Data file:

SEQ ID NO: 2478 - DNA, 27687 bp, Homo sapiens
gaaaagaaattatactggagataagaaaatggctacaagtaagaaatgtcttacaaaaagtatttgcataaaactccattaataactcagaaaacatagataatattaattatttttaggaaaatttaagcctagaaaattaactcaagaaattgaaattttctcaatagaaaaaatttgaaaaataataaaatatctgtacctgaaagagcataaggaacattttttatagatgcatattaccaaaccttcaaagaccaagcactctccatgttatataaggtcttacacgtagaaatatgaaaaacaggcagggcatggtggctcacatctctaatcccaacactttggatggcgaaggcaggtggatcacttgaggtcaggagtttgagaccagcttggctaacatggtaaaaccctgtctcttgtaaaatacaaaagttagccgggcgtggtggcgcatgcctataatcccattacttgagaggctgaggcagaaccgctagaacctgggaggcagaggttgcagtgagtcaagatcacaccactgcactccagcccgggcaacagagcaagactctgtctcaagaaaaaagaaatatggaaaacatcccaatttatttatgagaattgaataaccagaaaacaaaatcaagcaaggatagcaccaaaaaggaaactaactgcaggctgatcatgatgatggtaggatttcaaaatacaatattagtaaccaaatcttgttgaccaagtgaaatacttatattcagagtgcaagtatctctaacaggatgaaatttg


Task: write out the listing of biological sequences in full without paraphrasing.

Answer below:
SEQ ID NO: 2478 - DNA, 27687 bp, Homo sapiens
gaaaagaaattatactggagataagaaaatggctacaagtaagaaatgtcttacaaaaagtatttgcataaaactccattaataactcagaaaacatagataatattaattatttttaggaaaatttaagcctagaaaattaactcaagaaattgaaattttctcaatagaaaaaatttgaaaaataataaaatatctgtacctgaaagagcataaggaacattttttatagatgcatattaccaaaccttcaaagaccaagcactctccatgttatataaggtcttacacgtagaaatatgaaaaacaggcagggcatggtggctcacatctctaatcccaacactttggatggcgaaggcaggtggatcacttgaggtcaggagtttgagaccagcttggctaacatggtaaaaccctgtctcttgtaaaatacaaaagttagccgggcgtggtggcgcatgcctataatcccattacttgagaggctgaggcagaaccgctagaacctgggaggcagaggttgcagtgagtcaagatcacaccactgcactccagcccgggcaacagagcaagactctgtctcaagaaaaaagaaatatggaaaacatcccaatttatttatgagaattgaataaccagaaaacaaaatcaagcaaggatagcaccaaaaaggaaactaactgcaggctgatcatgatgatggtaggatttcaaaatacaatattagtaaccaaatcttgttgaccaagtgaaatacttatattcagagtgcaagtatctctaacaggatgaaatttg